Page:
As a mama-to-be, no doubt you're brimming with both excitement and nervousness about the little bundle of joy growing inside you. And you're probably getting all kinds of advice from mama veterans on what to eat and not eat to keep both you and your baby healthy.
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When it comes to lemon juice, there's nothing wrong with adding it to your water or seltzer for flavor, especially if it helps you get the fluids your body needs to stay hydrated. But the acidity from the lemon juice may aggravate your heartburn, and you may want to avoid sweetened drinks, including lemonade, calamansi juice or nimbu pani, during pregnancy to avoid empty calories.
Drinking lemon juice is safe for pregnant women. However, if you suffer from heartburn, lemon juice may aggravate your symptoms.
Good Nutrition for Healthy Pregnancies
During that first visit with your obstetrician, nutrition will no doubt be a topic of conversation. What you eat or don't eat ensures that both you and your baby stay healthy throughout those nine months of gestation. You don't need to eat special foods, but you do need to eat a healthy, balanced diet that includes a variety of foods from all the food groups to support both you and your growing baby's nutritional needs.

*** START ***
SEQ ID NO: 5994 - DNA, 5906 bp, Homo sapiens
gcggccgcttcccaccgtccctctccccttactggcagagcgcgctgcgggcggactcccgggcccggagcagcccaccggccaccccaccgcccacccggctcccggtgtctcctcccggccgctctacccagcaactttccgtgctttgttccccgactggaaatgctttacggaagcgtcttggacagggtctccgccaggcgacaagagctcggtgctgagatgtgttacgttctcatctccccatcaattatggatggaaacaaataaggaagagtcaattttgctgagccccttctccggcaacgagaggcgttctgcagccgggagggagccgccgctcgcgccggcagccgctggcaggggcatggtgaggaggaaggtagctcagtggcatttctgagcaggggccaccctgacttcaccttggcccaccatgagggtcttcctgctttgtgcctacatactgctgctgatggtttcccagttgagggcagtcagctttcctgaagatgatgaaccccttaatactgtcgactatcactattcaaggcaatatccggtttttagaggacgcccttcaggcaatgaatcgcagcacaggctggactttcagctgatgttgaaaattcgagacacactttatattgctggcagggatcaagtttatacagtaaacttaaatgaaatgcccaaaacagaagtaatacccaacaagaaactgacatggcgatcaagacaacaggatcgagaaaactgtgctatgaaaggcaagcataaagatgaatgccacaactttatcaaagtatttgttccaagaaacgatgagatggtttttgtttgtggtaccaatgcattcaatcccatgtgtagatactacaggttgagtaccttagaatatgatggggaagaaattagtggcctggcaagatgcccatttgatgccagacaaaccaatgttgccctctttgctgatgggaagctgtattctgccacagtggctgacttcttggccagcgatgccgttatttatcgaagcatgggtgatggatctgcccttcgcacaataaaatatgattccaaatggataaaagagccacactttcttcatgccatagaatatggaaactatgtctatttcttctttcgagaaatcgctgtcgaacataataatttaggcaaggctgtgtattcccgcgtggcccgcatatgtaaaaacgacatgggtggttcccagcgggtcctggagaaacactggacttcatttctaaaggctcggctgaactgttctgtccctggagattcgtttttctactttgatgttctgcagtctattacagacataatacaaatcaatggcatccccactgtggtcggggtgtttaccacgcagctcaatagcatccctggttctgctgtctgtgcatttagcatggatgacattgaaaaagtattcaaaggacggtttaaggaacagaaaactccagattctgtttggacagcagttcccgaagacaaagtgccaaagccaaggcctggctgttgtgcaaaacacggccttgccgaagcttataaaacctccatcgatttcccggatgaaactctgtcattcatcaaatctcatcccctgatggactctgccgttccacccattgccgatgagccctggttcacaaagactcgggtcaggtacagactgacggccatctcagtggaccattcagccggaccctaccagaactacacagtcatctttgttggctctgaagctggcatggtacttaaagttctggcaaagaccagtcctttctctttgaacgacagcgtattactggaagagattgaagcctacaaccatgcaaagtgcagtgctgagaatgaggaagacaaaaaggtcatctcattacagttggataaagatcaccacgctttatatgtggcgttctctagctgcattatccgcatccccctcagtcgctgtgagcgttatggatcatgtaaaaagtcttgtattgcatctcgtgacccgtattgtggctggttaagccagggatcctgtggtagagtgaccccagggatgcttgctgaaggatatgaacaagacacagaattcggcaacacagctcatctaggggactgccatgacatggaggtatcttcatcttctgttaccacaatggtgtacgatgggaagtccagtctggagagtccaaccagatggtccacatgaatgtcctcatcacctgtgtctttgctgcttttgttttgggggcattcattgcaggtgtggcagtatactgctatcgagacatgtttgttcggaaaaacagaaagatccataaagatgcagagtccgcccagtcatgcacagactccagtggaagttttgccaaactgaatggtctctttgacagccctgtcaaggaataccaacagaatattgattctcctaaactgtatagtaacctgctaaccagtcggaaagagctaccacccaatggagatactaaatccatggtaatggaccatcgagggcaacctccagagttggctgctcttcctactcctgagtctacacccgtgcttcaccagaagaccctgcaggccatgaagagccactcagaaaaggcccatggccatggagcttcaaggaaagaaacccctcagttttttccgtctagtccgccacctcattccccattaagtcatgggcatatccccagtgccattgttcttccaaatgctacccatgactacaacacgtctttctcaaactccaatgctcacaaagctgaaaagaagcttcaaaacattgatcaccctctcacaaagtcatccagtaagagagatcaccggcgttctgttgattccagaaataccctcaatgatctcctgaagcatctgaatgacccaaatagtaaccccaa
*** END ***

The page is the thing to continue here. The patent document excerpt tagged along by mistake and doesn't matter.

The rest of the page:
Your pregnancy eating plan should include:
- Whole grains: whole-wheat bread, whole-grain pasta, quinoa, bulgur
- Fruits and vegetables: fresh and frozen
- Low-fat dairy foods or dairy alternatives: milk, cheese, fortified plant-based milks
- Lean proteins: seafood, poultry, lean red meat, beans
- Healthy fats: olive oil, nuts, seeds, avocados
Your nutrient needs increase during pregnancy, which means you need to make a sincere effort at maximizing the nutritional quality of every bite you take. To prevent excessive weight gain and support good health, you should limit foods with added sugar and unhealthy fats. Yes, that means limiting foods like ice cream, cake, cookies, fried foods and even sugary drinks like lemonade or calamansi juice.
Read more: List of Healthy Foods to Eat While Pregnant
Focus on Iron and Folate
While all essential nutrients are needed for a healthy pregnancy, certain nutrients are especially important, including folic acid and iron.
An inadequate intake of folate before and during pregnancy increases your baby's risk of birth defects such as spina bifida. Women need 400 micrograms of folate a day during childbearing years and 600 micrograms during pregnancy. In addition to a vitamin supplement, you can also up your folate intake by adding spinach, beans, avocados and fortified breakfast cereals to your daily diet. Although it's not a significant source of folate, lemon juice can also help you up your intake a bit.